Only at high frequencies is the skin effect a notable factor, though it is present at a minor degree at lower frequencies. The proximity effect is more of a detractor anyway. Besides - actual lightning is pure electrostatic DC anyway, though the high speed of the pulse up/down state carries an AC component due to the changing magnetic field that results.

So no, the skin effect would not turn any arbitrary casing into an alternate conductor unless HF is used. But if the target is surrounded by a dense gold shield rammed deep into the earth, they are safe from this weapon (though bullets not so much).

-Raphael, Silicon News [silicon-news.com] author.

Not "Electrostatic DC" (5, Informative)

Kupfernigk (1190345) | more than 2 years ago | (#40476165)

If it is electrostatic it is not a direct current (hint: static=not moving, current = moving).

Lightning normally consists of two pulses, one up and one down. The latter usually contains most of the current, but as it is a pulse with a rapidly rising leading edge, the EM field is considerable. The terms "AC" and "DC" do not really apply in this case.

The significant thing is not so much the frequency spectrum of the pulse, but the actual cross section of the ionised region through which the current is passing. If this is relatively large, the current density is low and a Faraday cage is effective. If it is small, the current density may be so high that the actual resistance of the target becomes important; the heat generated may melt a hole in the target resulting in the penetration of ionised gas into the target and current flowing down it. This explains rare cases where a lightning rod has not sufficiently reduced the potential gradient over a building, and the first strike has blown a hole in one of the conductors and then perhaps jumped into the building and started a fire. (I have seen photos of this effect but not seen them anywhere on the net.)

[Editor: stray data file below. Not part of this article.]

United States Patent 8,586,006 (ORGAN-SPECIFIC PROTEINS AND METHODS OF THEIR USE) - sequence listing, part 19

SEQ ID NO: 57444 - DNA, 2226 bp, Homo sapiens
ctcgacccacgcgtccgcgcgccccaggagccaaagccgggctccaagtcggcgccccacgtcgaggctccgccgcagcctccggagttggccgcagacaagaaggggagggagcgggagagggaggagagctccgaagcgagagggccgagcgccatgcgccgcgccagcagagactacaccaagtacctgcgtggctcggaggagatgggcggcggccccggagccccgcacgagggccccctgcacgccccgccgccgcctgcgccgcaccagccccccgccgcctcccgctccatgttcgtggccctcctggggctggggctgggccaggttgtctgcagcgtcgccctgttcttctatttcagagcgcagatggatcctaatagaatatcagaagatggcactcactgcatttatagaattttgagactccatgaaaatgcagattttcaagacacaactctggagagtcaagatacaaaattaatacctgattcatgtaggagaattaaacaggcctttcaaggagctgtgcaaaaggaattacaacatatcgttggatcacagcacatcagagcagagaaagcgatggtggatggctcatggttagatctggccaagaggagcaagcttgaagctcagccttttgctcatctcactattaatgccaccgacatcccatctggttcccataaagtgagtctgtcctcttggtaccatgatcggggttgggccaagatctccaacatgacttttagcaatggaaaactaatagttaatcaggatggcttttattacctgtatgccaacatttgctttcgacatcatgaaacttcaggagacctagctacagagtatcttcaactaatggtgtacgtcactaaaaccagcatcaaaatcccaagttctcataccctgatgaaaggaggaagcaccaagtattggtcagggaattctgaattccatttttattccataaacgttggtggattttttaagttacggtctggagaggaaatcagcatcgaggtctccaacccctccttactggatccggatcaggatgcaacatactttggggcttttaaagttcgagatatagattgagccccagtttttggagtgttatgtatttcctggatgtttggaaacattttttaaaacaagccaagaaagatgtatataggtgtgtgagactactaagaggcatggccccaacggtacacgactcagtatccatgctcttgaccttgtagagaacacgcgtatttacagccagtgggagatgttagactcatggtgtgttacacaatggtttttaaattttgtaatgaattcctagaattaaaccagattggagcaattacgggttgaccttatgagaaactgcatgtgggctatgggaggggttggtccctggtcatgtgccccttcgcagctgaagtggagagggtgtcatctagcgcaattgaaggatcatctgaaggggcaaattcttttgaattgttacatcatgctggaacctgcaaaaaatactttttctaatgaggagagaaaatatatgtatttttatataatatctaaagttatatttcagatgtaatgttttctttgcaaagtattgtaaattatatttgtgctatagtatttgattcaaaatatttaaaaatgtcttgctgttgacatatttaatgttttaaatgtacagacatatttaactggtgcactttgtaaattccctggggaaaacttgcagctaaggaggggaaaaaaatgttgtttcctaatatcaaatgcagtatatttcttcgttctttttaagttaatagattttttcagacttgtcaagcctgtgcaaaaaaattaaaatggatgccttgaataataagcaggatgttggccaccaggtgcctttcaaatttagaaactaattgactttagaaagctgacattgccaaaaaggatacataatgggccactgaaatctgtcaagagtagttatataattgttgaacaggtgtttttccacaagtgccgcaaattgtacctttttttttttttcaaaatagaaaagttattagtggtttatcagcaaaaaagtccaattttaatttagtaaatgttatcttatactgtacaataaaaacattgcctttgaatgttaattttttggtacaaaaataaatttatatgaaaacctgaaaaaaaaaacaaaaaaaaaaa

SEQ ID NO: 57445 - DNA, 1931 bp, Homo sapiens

The idea of a target surrounded by a "dense gold shield" is just plain silly, by the way. All gold is dense...and a thick gold shield would be impracticably expensive. Copper is fine (higher melting point and greater thermal capacity than aluminum) but reinforced concrete with the rebar internally welded together would be much cheaper, more generally effective, and should easily be able to cope with the very limited power available from any human-built weapon.

Re:Not "Electrostatic DC" (1)

trewornan (608722) | more than 2 years ago | (#40476683)

If it is electrostatic it is not a direct current (hint: static=not moving, current = moving).

Isn't the point that once an electrostatic charge starts to discharge it is then moving - i.e. DC?

See the GGP post (1)

Kupfernigk (1190345) | more than 2 years ago | (#40477179)